am so sorry about your sister or brother. How are your poor parents doing?"
"Remember to be good, since your parents are dealing with so much heartache."
These are just a couple of hurtful and unhelpful things that bereaved
siblings often hear from 'well meaning' friends, co-workers, peers and others following the loss of their sibling. When the
death was of a young person, people focus their sympathy to the parents, often ignoring the loss of the sibling. When the
death was of someone who may be older with a family, the focus of the sympathy goes to the spouse and children. Siblings,
both young and older, are often overlooked in their own heartache and grief.
"There is no agony like bearing an untold story inside of you."
- Maya Angelou
Siblings suffer a profound loss after
the death of a sibling. That loss is every bit as painful as that of the person's parents. Understanding a loss is paramount
if mourning is to occur. Yet, most siblings hear over and over again, that it wasn't really their loss, and eventually they
begin to believe that.
The loss is not theirs to mourn.That is a statement
that Elizabeth DeVita-Raeburn in The Empty Room: Understanding Sibling Loss refers to through out
out her insightful book. Often grieving parents are too ravaged by their own grief to recognize it in their surviving
children. Often there is no one outside the family to recognize it and step in. Occasionally a sibling will receive a condolence
card addressed solely to them, but that is the exception. Many children fear upsetting their parents with their own grief.
They try to make up for the loss. According to DeVita Raeburn, "so often the parents' obvious and ongoing preoccupation
with the dead sibling, which rendered them sad, distant, or downright cold, had more often than not made these siblings feel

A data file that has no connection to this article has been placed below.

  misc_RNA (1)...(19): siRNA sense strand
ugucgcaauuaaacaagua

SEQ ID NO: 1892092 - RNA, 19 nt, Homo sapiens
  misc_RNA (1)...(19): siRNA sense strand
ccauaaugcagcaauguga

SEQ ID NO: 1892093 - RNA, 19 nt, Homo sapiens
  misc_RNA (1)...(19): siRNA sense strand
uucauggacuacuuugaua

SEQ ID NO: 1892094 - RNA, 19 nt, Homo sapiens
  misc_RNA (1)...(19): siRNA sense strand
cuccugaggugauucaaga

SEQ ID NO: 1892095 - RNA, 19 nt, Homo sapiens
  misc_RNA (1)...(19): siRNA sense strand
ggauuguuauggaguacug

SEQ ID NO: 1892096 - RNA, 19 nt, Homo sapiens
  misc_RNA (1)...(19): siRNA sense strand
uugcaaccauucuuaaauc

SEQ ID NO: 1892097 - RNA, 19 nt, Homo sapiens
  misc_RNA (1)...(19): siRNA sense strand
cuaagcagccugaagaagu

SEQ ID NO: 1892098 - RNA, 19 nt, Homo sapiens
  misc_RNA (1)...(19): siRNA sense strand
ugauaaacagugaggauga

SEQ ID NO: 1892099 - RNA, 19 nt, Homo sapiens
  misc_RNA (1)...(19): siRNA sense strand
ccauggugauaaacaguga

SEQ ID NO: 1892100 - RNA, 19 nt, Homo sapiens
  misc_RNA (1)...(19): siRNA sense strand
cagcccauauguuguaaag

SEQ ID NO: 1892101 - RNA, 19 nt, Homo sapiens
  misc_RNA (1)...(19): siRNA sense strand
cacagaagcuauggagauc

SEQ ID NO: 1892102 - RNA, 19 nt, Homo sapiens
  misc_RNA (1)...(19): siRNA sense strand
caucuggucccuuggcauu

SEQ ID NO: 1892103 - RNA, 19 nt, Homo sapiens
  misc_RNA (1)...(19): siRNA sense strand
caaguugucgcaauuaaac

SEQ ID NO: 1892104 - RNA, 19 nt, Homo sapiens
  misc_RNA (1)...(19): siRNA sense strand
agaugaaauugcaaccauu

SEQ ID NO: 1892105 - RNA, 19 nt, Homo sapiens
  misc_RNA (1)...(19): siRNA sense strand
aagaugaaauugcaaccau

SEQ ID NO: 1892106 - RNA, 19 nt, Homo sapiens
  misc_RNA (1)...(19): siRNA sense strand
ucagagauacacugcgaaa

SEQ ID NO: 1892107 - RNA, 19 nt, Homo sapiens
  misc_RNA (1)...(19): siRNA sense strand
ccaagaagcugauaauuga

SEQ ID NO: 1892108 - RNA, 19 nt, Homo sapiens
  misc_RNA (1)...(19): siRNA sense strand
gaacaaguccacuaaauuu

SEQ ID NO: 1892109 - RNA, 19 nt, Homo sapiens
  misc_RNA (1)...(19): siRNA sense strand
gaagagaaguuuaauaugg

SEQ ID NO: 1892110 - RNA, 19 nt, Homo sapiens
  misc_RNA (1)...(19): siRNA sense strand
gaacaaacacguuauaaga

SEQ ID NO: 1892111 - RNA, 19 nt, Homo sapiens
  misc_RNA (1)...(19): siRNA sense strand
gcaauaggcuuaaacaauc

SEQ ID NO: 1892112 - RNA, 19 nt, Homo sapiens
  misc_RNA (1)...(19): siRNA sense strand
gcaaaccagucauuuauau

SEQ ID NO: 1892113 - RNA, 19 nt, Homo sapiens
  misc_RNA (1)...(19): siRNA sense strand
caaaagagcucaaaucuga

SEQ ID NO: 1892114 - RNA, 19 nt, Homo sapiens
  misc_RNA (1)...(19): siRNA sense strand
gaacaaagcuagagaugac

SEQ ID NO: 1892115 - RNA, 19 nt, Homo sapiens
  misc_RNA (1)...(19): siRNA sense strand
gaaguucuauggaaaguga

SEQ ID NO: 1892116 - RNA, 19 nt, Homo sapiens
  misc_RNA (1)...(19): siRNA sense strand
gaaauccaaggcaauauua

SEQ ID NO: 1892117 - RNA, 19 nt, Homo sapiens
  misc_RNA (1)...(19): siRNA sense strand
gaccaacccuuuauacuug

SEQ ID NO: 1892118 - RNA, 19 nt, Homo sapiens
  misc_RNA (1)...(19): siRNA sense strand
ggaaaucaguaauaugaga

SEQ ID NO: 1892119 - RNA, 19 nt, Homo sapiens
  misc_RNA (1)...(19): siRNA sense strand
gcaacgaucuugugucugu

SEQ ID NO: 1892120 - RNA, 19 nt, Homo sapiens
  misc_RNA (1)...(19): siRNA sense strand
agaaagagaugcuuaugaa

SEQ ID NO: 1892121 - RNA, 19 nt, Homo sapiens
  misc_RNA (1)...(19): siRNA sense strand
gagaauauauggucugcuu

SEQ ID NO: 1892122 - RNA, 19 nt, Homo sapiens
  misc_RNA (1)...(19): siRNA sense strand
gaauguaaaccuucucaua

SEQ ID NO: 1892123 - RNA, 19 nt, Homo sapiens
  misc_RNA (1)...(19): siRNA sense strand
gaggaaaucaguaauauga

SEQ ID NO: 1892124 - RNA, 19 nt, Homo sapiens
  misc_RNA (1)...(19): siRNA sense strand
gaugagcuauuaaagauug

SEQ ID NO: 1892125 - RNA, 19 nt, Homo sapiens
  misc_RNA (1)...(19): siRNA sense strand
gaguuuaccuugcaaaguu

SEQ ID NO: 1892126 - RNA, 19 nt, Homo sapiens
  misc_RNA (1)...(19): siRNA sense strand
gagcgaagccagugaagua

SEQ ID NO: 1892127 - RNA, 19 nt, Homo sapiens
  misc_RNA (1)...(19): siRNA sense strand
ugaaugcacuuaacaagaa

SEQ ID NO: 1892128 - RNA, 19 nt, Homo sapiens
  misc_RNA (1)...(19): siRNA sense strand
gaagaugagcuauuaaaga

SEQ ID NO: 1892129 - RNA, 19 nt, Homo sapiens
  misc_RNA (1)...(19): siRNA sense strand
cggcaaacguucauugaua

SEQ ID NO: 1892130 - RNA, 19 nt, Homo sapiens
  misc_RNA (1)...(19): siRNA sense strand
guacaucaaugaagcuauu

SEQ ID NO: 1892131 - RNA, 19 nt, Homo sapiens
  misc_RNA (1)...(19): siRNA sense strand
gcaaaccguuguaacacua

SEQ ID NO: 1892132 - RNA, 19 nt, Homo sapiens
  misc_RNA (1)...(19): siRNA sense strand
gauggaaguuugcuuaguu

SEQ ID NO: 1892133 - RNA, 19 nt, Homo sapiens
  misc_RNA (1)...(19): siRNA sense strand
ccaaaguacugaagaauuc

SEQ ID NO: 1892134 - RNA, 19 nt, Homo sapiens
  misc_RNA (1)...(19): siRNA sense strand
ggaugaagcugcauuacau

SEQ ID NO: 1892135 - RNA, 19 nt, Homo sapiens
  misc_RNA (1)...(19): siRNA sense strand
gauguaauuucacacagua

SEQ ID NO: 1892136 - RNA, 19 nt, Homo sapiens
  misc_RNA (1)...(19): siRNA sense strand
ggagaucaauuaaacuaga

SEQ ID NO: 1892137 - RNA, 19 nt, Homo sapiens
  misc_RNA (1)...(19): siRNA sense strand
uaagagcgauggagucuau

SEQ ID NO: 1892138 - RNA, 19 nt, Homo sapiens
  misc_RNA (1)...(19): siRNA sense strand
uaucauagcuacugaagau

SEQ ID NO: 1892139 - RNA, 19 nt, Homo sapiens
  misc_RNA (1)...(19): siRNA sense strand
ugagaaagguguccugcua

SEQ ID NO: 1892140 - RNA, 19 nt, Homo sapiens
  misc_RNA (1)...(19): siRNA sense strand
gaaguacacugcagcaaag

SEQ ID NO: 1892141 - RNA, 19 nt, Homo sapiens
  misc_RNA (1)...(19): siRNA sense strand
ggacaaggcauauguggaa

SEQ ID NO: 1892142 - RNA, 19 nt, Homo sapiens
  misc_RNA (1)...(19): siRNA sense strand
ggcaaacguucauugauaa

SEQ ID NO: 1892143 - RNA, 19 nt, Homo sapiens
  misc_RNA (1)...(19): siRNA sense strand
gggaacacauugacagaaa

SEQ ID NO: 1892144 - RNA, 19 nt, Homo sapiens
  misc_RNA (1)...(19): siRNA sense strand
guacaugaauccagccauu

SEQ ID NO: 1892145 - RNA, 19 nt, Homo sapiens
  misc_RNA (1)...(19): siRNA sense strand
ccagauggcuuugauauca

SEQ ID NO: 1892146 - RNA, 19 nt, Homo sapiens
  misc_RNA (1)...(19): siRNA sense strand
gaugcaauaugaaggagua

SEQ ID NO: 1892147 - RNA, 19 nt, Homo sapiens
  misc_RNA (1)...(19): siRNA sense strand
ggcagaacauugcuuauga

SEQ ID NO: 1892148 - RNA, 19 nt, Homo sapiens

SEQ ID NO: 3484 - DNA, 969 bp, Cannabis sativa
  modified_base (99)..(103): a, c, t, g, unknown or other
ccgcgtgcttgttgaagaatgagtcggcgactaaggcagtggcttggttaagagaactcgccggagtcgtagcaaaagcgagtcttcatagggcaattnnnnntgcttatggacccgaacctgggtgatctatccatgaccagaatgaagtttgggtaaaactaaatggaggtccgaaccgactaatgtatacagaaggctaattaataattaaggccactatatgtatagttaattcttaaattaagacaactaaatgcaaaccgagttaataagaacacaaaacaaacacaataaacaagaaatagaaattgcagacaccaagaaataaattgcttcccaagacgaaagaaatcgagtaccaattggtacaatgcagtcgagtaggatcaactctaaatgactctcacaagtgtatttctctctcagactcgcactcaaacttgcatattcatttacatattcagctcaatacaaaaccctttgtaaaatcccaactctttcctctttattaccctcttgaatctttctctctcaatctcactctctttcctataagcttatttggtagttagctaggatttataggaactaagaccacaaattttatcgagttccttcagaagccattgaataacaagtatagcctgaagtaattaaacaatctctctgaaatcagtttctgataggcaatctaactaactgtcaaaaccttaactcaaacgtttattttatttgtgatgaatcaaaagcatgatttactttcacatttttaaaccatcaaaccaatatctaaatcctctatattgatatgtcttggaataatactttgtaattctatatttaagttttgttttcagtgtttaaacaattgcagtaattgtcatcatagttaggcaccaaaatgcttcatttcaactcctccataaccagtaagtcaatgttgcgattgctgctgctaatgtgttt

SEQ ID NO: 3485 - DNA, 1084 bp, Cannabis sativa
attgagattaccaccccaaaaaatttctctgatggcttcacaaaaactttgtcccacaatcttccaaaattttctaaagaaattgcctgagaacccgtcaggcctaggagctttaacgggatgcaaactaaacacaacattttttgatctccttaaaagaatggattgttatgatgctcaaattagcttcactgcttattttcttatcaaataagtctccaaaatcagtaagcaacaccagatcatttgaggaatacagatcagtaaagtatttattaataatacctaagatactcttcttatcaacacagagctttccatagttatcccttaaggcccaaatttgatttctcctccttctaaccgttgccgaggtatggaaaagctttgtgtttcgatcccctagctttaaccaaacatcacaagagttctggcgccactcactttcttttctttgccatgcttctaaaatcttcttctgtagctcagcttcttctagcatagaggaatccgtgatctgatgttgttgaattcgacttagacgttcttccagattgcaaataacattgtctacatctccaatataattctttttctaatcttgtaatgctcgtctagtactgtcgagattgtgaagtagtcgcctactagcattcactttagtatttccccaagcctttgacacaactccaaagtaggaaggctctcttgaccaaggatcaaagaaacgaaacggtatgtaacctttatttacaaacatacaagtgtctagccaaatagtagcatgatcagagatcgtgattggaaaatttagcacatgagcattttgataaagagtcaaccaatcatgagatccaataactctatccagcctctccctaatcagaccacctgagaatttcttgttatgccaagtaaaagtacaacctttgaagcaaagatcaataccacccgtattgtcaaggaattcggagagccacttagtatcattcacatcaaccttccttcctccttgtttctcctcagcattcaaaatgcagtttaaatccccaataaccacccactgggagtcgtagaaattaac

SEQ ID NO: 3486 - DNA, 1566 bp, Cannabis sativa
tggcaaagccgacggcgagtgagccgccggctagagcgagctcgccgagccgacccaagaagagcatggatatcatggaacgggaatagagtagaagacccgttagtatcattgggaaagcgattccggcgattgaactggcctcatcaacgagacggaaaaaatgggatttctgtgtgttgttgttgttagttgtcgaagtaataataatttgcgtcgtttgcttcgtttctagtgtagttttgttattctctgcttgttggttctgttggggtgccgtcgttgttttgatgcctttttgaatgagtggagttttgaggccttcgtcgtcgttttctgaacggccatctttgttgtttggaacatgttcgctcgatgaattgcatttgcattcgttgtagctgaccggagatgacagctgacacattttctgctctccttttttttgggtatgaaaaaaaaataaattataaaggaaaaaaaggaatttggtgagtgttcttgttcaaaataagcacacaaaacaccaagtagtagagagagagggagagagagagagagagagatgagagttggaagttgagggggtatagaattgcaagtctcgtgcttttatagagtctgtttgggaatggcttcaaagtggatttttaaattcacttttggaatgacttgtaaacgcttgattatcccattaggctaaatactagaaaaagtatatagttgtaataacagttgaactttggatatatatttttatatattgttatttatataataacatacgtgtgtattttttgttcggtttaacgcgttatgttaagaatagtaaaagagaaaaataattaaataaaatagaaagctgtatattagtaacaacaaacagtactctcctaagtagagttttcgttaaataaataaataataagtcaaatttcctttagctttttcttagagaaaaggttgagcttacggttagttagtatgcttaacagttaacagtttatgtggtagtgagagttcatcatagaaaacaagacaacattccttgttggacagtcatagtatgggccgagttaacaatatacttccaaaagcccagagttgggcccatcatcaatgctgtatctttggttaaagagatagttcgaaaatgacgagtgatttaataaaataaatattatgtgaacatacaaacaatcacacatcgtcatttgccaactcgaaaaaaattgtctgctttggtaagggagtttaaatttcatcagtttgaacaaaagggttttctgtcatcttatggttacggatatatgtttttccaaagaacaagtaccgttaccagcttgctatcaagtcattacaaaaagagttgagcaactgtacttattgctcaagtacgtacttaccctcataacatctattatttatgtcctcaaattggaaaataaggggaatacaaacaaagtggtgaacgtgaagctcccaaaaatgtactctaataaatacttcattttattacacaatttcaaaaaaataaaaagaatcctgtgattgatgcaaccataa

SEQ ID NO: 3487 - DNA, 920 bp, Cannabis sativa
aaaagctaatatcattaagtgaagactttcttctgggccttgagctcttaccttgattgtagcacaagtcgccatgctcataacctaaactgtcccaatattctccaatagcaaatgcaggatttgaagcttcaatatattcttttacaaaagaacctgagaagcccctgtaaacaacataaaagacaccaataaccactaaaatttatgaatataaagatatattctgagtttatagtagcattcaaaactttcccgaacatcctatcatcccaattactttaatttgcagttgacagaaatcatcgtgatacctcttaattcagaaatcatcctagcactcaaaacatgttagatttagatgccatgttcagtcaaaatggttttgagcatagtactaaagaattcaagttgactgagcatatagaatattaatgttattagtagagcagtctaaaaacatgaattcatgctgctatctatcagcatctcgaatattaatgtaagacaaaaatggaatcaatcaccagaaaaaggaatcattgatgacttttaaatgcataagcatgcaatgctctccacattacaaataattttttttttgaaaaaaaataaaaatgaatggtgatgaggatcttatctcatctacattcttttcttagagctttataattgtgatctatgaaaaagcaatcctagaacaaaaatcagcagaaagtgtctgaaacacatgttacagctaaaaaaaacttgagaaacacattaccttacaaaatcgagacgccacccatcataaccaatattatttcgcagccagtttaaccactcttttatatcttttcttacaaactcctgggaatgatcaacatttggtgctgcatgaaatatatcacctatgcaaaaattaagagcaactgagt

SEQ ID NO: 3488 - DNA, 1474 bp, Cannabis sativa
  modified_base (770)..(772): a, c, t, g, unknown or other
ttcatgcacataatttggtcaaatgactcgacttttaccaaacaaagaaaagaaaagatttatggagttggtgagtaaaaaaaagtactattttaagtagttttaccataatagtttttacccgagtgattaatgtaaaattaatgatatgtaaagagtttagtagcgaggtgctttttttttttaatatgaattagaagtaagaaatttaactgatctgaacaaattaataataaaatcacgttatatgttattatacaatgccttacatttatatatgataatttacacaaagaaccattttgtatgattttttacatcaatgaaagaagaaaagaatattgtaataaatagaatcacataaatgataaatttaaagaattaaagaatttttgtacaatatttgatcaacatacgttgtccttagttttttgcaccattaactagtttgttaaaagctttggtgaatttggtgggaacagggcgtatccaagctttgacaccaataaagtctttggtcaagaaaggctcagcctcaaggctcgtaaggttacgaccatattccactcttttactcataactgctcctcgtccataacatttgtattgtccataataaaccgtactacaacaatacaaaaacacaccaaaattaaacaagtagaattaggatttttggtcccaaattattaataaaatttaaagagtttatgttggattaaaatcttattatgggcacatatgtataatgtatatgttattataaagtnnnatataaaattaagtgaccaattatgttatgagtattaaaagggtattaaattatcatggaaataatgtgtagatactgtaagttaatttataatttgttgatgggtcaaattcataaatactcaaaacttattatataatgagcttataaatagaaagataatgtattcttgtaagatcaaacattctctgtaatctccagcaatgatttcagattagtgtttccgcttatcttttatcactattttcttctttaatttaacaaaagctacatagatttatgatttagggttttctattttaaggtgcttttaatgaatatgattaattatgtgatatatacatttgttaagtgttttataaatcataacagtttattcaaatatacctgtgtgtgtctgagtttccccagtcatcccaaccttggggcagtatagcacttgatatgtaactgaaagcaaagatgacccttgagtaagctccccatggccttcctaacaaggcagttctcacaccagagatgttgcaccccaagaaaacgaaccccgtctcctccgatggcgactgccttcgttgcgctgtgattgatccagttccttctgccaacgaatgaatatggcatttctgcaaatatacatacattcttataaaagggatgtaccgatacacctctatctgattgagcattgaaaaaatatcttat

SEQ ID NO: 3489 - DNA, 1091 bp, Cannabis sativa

as if the wrong one- the favorite and indispensable one-had died. These families tended to be marked by a chronic and silent
grief that could not be discusses, and which, in fact, became so much a part of the landscape of the family as to be unseen."
Adult siblings were often the ones who
suppressed their own grief. They fell into the role of caregiver for their parents and often the sibling's surviving spouse
and family. They felt that the family's loss was so much bigger. Adult siblings sense a loss deep within the foundation
of their beings. Most adults admit that almost no one inside or outside the family had recognized their loss. That loss
was something to be carried alone.
When grief is delayed or suppressed, mourning is as well. But no one
gets to skip out on mourning. One either does the grief work or one risks getting stuck or frozen in their grief.
Pauline Boss in her book, Ambiguous
Loss, coined a term for a loss that goes unrecognized: ambiguous loss. The losses may be life altering and traumatic
(having a spouse with Alzheimer's disease, immigration loss, spouses missing in action) yet are often not recognized
as real losses. There are no rituals to mark them, no wakes, funerals, sympathy cards or meals by neighbors. Without the validation
the people often feel frozen in limbo, unsure how to navigate lives that no longer felt familiar.
Books on Sibling Loss:
Bereft: A Sister's Story by Jane Bernstein ( Bernstein was seventeen when her older sister,
Laura, was stabbed to death. Twenty years later, she finds not only that she still needs to mourn, but also decides to
reexamine her childhood, and learns about the details of her sister's death, grieves and claims her story.
The Road to Coorain, by Jill Ker Conway ( The
death of her older brother, Bob, in a traffic accident is only one event in her memoir, but it is clear for the author
that it was a defining one. "He had been like the sun in my universe," she writes, "and most of my aspirations
at school and in my daily life had centered on winning his approval....I realized I would always be trying to live out his
life for him."
The Boy on the
Green Bicycle by Margaret Diehl(Diehl was nine when her older brother, Jimmy, 14, was hit and killed by a car
while riding the bicycle he'd just gotten for his birthday. Now in her 40's, Diehl, writes from the perspective of the child
she was when Jimmy died. She captures the confusion and pain of children confronted with overwhelming loss.
Visions of Gerard by Jack Kerouac ( Kerouac's
older brother, Gerard, died from a congenital heart defect when he was nine. The author was four at the time, "....for
the first four years of my life, while I lived....I was Gerard, the world was his face....." This book speaks to the
experience of those who were very young when they lost an older sibling and have fragmented memories, as well as to those
whose lost sibling became a sainted ghost in the family.